Next month, gourmet dairy brand The Collective will be the first FMCG business to introduce a novel near-infrared (NIR) colourant technology developed by masterbatch and additive specialist Colour Tone, to ensure its iconic black plastic yogurt pot lids can be effectively recycled.
Like most black plastics the original Collective lid featured carbon black and other pigments which absorb the infrared signal used to sort plastics packaging, which made it ‘invisible’ to the sensors used by recycling operations.
This meant The Collective’s black yogurt pot lids would end up as residual waste destined for landfill or incineration, while its clear polypropylene tubs are recycled. The brand responded to this challenge by tasking its sustainability team to find a more eco-conscious design solution for its distinctive packaging.
The Collective consulted with leading recycling expert Nextek Ltd as a result, since it had been commissioned by waste charity WRAP to lead the very first project to demonstrate the potential of novel NIR colourants for black plastics detection, ‘The Development of NIR Detectable Black Plastic Packaging.’*
The Collective and Nextek chose to partner with additive and masterbatch specialist Colour Tone to develop a new black masterbatch, as it offered technically proven NIR colourant technology together with excellent colour and performance capabilities.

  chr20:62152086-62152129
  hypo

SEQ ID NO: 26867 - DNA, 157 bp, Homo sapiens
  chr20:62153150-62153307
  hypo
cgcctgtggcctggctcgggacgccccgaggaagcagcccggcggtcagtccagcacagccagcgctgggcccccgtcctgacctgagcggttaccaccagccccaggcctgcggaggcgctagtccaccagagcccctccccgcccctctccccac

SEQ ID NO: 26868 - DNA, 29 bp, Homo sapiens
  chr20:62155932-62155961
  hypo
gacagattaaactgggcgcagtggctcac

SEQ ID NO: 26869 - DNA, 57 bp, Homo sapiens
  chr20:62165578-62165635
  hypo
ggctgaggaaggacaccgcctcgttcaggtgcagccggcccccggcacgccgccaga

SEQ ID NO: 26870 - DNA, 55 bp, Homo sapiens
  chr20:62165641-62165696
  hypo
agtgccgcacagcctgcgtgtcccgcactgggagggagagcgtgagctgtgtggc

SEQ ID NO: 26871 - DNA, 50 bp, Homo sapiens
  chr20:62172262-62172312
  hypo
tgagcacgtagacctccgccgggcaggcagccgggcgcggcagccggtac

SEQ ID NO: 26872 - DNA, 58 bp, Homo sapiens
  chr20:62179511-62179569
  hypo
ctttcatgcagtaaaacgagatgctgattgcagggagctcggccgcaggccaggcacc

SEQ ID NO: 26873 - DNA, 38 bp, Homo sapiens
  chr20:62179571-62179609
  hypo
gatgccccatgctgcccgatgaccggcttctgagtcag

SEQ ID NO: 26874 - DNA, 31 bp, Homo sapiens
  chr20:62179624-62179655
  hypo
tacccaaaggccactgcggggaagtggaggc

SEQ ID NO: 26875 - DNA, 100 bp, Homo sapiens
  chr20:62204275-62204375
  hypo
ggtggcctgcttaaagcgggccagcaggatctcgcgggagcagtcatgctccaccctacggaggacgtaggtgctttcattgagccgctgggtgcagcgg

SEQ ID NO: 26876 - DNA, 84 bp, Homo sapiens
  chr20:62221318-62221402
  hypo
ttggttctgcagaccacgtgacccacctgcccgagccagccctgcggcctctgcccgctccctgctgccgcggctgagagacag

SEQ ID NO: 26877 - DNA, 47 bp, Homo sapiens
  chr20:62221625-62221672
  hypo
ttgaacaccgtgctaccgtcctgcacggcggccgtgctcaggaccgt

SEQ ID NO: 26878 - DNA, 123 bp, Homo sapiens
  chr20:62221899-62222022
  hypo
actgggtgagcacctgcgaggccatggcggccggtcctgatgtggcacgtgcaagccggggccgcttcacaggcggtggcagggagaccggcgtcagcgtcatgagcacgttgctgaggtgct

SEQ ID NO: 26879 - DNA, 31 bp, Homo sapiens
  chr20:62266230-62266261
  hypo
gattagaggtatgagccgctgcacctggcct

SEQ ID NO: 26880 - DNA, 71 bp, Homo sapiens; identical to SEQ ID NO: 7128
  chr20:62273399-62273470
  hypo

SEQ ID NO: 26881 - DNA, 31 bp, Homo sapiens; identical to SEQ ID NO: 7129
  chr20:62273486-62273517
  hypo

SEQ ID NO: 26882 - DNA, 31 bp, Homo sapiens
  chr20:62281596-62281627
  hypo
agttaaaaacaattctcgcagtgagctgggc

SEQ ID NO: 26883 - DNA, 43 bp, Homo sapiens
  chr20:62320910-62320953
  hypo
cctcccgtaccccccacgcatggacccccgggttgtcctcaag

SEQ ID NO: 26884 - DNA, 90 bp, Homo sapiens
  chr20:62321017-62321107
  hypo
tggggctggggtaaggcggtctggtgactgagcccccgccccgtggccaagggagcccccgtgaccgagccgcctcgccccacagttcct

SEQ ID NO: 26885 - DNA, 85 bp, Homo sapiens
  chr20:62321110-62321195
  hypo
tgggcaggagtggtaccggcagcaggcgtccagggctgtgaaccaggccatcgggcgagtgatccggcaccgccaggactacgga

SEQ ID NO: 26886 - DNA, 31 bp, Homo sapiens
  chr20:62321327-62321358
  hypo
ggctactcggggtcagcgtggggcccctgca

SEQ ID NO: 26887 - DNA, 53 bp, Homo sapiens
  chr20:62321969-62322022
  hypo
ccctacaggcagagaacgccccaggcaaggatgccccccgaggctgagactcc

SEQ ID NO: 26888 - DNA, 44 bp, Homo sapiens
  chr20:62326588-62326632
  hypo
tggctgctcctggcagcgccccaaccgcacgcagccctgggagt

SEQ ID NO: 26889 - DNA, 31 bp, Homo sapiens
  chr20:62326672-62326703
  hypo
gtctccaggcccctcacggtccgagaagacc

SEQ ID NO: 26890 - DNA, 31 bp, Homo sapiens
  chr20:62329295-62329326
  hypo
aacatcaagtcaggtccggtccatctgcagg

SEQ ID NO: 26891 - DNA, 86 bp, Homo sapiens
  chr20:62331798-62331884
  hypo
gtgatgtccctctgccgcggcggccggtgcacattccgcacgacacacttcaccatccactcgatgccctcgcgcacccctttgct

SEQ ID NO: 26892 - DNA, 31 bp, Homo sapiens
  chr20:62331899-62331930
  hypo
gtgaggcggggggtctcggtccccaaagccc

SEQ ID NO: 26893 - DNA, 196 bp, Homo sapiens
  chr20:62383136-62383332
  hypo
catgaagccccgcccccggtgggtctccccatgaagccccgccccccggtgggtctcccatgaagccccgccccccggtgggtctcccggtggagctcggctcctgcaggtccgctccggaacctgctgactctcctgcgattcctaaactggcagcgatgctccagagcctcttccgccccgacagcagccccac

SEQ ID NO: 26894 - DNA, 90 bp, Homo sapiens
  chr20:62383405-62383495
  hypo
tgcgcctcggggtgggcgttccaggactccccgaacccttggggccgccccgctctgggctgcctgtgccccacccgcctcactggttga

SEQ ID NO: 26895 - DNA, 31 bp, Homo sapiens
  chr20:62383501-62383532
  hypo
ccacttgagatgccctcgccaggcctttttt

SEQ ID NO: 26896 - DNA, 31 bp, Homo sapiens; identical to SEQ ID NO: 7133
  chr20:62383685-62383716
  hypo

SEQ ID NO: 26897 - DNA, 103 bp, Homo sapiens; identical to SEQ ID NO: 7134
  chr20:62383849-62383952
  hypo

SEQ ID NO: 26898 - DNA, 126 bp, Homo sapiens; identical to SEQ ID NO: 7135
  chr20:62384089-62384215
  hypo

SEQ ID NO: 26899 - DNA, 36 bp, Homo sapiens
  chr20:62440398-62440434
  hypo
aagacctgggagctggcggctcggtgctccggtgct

Colour Tone was the only supplier able to satisfy all its subsequent trials to ensure the technology’s readiness for market. The WRAP funded trials addressed the following issues: – the masking strength of the NIR pigment itself; the development of end markets for recycled detectable black plastics and an in-market trial to prove the recycling process for black ready meal tubs and trays.
Tony Gaukroger, director, Colour Tone Masterbatch, comments: “We are delighted to support The Collective with this market first for the FMCG industry. It has adopted a revolutionary colourant technology that enables the effective detection and sorting of black plastic waste for recycling into high quality materials. This helps support our growing circular economy and the brand’s sustainable business objectives.
“We therefore urge other FMCG businesses to put eco-design considerations first and follow The Collective’s lead to help reduce the 1.3 billion black single-use food pots, tubs and trays that are sent to landfill each year – around 30,000 tonnes.”
“This responsibility doesn’t end with brand owners either, we are calling for assurance from the UK recycling industry itself, to provide sufficient investment in its infrastructure required for the automatic optical detection and sorting of the black plastics waste stream nationwide, as this technology becomes commonplace.”
From October 2018 the black lids on The Collective’s 450g and 900g yogurt tubs will feature the new NIR reflecting colourant to help ensure that the consumer’s recycling efforts do not go to waste.
If you want to find out if your plastic packaging is NIR sortable there is a simple test you can do using a TV controller, visit @ColourToneWorld to find out more.
* ‘The Development of NIR Detectable Black Plastic Packaging.’ www.wrap.org.uk/sites/files/wrap/Recyclability%20of%20black%20plastic%20packaging.pdf
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